Queer is the new normal in politics. It is no longer fashionable to beat up on the gay community. In fact, it's downright stupid. We have a place at the table. We have respect and clout- and voices, straight and gay, speaking out for us.

The first thing we all have to remember is that we don't have to apologize for who we are. It needs no explaining. It's our time, and it's about time. We were second class citizens for too long. We do not need or have to ask for the tolerance or acceptance of others. If others can't deal with the fact that homosexual lives are as valid as heterosexual lives, it is their problem, not yours.

Marriage equality is a fundamental right you should have always had, not one you should plead for in front of a city commission. Politicians who do not understand that have no business serving in public office. They are a disgrace to the emerging rule of law and moral principles of the 21st century.

Mayors like Fort Lauderdale's Jack Seiler simply have to be replaced over time. South Florida is an epicenter of national gay tourism. Nice guys who don't support your rights should not be community leaders. They need to be voted out of office, not tolerated and excused.

Similarly, in an election year like 2014, not a single gay dollar should be spent endorsing or underwriting a single politician who does not openly and outwardly support ending employment discrimination in the workplace for the LGBT community. Keep that in kind when you vote for local, state or federal candidates

With principles as simple and fundamental as this at the core of our beliefs, it is correspondingly understandable why this newspaper supports Florida gubernatorial candidate Charlie Crist. For whatever he did in the past, he has come around in the present. He supports us. We should support him.

More than just on marriage equality, Crist impresses us as a candidate who communicates and does not condescend. One gets the feeling he will welcome the gay community to his administration, not lecture us on how he believes marriage is between one man and one woman.

Gay Floridians deserve a supportive voice in Tallahassee. Early voting has begun. Our present governor has thwarted even that effort. Let's move in a new direction, but not just in the state Capitol. Let's make sure all candidates understand that the LGBT community is not just a voting bloc, but a block of citizens caring, committed, and concerned about our community.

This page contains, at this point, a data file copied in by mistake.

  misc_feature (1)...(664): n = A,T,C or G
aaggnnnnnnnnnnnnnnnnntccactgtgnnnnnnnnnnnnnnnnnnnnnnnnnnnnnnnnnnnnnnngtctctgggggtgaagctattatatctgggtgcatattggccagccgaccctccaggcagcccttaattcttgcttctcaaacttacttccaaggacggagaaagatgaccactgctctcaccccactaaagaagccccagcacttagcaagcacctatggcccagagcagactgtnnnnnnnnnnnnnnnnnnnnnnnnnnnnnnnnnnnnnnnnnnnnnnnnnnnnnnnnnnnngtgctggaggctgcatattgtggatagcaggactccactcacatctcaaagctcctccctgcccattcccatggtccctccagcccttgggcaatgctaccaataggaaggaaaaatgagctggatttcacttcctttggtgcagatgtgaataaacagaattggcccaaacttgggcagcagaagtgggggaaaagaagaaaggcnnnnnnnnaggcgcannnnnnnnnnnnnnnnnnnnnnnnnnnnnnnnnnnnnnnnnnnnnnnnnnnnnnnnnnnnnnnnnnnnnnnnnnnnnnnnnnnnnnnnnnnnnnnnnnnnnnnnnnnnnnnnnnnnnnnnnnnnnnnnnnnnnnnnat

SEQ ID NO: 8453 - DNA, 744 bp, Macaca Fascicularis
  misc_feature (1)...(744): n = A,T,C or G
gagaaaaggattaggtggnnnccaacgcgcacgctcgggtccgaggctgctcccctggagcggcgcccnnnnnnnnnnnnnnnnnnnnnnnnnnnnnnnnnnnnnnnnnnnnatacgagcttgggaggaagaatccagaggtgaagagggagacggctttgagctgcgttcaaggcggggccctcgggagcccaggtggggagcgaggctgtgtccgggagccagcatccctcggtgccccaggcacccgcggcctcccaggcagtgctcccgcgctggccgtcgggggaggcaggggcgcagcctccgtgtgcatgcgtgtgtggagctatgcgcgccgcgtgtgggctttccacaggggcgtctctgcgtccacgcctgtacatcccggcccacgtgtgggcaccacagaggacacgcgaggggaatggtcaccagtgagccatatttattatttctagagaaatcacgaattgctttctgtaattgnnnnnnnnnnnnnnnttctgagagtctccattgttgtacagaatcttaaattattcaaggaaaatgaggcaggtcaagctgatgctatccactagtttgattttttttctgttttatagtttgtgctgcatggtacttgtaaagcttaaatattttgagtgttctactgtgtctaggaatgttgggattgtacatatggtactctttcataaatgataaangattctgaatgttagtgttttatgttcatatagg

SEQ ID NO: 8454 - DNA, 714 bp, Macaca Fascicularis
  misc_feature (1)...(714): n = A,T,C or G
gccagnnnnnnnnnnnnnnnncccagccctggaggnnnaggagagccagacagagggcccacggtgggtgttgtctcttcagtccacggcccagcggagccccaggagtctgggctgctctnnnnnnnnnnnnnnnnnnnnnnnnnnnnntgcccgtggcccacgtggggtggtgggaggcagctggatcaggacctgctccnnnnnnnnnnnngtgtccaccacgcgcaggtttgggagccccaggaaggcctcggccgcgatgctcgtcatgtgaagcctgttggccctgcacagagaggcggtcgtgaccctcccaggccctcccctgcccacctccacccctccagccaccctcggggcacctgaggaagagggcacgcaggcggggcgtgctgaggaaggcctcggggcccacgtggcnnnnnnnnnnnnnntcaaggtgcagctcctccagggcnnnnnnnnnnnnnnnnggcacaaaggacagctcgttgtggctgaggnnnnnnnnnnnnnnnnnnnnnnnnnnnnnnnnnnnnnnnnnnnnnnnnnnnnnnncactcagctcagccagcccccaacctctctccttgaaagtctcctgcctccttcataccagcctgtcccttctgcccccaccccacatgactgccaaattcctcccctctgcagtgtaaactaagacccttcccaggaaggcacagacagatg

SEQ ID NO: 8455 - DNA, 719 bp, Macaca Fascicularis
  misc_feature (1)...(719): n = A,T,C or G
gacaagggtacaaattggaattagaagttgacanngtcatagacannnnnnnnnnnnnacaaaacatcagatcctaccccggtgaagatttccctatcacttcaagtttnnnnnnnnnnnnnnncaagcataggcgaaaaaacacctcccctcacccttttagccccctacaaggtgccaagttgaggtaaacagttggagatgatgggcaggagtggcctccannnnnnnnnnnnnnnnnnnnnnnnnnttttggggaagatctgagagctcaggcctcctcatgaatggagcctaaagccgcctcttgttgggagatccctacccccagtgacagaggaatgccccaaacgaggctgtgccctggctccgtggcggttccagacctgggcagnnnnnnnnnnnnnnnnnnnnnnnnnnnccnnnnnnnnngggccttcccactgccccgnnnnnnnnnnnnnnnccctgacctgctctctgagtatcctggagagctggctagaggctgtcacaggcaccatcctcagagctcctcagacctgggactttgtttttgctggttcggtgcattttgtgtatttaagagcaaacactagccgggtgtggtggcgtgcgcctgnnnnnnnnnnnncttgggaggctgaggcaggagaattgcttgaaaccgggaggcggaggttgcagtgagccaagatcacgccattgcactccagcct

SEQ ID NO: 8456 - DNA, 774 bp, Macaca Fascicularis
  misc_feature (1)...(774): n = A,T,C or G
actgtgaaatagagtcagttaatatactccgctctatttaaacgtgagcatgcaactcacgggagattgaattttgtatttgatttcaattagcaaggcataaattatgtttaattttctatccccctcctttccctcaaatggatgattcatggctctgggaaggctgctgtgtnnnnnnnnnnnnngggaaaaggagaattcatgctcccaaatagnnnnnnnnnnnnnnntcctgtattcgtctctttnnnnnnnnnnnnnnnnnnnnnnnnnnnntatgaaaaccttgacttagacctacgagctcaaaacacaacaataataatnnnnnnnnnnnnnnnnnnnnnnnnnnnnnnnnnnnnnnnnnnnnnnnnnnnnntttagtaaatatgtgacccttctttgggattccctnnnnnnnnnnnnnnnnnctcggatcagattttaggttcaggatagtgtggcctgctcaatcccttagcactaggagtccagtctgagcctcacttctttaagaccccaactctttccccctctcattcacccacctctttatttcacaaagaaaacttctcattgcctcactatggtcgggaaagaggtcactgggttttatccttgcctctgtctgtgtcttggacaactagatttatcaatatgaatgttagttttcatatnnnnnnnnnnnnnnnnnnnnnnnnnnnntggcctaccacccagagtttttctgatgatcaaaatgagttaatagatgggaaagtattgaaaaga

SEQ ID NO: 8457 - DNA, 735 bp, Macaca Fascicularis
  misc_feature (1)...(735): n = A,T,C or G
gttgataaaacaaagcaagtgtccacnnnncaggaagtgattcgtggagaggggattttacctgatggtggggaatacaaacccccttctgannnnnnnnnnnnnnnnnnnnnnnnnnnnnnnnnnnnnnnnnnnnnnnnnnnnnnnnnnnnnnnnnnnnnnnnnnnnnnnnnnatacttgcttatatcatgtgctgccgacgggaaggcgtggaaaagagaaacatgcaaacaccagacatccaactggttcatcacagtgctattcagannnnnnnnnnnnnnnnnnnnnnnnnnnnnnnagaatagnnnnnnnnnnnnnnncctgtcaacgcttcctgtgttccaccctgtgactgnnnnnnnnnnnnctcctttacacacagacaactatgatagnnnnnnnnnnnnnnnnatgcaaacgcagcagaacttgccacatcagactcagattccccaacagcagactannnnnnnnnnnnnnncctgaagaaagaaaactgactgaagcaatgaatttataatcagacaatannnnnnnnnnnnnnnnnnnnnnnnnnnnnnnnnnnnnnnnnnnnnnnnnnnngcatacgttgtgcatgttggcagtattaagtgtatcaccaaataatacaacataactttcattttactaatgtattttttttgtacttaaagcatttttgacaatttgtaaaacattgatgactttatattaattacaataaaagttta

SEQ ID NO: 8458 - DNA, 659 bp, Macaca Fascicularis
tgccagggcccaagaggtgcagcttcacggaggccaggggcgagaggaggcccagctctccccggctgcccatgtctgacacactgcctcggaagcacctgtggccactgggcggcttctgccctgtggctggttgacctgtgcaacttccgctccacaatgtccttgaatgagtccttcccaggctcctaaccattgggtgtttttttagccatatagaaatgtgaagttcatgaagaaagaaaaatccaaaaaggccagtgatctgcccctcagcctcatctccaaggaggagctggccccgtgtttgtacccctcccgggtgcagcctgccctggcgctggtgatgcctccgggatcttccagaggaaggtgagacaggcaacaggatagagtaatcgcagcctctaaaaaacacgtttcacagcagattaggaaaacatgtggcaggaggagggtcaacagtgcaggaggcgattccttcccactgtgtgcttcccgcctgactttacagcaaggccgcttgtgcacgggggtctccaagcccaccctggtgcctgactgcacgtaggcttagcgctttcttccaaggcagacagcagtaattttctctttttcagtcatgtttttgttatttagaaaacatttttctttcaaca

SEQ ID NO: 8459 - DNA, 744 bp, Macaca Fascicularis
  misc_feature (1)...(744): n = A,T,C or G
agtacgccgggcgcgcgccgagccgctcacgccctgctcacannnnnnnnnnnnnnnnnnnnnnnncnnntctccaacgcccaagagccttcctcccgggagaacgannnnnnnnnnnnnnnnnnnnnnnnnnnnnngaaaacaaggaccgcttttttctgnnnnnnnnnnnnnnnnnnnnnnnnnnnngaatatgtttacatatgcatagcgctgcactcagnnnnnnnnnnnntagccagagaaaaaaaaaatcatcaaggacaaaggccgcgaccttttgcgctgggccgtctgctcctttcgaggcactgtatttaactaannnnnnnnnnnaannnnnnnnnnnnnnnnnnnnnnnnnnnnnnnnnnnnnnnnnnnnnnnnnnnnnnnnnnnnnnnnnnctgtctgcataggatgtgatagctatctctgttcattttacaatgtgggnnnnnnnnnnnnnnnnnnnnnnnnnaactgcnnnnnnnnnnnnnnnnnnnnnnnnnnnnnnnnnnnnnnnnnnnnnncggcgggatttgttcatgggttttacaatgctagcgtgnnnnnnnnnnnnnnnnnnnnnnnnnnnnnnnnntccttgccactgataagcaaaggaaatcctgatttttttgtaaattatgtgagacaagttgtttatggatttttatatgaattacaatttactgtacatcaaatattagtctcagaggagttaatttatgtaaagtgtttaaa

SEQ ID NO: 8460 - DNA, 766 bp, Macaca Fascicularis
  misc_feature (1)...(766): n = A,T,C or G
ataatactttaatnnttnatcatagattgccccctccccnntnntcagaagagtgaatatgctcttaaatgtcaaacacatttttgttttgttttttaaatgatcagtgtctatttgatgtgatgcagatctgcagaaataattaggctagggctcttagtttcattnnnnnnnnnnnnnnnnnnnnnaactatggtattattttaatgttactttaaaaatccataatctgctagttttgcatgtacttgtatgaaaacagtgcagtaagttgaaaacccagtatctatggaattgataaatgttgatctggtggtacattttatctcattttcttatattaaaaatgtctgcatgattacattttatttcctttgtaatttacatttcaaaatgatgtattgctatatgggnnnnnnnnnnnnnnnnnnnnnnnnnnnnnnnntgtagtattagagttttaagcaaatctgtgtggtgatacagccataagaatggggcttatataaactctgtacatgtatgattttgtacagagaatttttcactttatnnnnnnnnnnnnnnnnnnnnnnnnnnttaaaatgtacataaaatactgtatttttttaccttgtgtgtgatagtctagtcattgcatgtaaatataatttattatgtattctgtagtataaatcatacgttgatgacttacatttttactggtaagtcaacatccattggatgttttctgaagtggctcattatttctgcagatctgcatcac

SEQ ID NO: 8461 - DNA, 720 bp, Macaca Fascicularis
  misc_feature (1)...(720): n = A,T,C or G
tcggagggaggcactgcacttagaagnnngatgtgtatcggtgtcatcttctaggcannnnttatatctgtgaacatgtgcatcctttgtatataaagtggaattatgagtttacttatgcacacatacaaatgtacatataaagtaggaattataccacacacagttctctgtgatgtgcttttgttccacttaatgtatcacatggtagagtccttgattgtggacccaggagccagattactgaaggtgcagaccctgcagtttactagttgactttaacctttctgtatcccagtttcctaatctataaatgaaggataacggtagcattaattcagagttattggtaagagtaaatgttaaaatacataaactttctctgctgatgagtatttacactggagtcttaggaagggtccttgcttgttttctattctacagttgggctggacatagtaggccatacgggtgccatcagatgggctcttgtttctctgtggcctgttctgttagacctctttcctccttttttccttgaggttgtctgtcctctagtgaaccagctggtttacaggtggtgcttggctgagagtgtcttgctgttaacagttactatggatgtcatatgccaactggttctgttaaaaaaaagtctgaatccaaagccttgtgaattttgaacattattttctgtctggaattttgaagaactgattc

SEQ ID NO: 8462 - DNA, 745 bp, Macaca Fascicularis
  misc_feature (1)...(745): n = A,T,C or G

Let our voices be heard affirmatively on Amendment 1, which enhances state environmental protections. Let's similarly endorse Amendment 2, which allows marijuana use to be a decision between you and your physician, not some street cop. Let's support the Democratic candidate for attorney general, George Sheldon, who will support marriage equality in the courts, not fight it.

Locally, let's elect some gay voices, like Ken Keechl, the former Mayor, running for the Broward County Commission and Scott Herman, running for Florida House District 93. As SunServe executive director Mark Ketcham advocated in an op-ed a week ago here in SFGN, let's enthusiastically support re-funding for the Children's Services Council.

We are lucky in South Florida. Legislatively, we have many voices speaking for us, including a slate of Democratic congressional leaders who embrace the LGBT community. So look beyond our newspaper's borders and help ensure that Congressman Patrick Murphy wins his first re-election campaign. The man who beat Allen West should not be forgotten.

The goal of a newspaper should not be necessarily to tell you who to vote for, though we have certain preferences, of course. Our duty is to make you care and understand that your voice and vote count. Your duty as a citizen is to make your voice heard. Some choose to do it in the privacy of a voting booth, and some by standing on a soapbox or writing letters to the editor.

Unfortunately, we use the freedoms of our society to disparage and demean ourselves all too often. We have campaign committees that are conspiratorial and vicious. We have campaign financing that is scandalous and corrupt . We have campaign advertising that is misleading and malevolent. It just turns you off to politics. Public service? It's more like a toxic elixir!

Ultimately, though, we all create the world we live in by each and every choice we make every day. As Americans, we are blessed that we still have the opportunity to make these choices freely and openly, with ballots instead of bullets. Too many times, we have screwed up along the way. Democracy is no small achievement. We have to work to make it work. Do your part.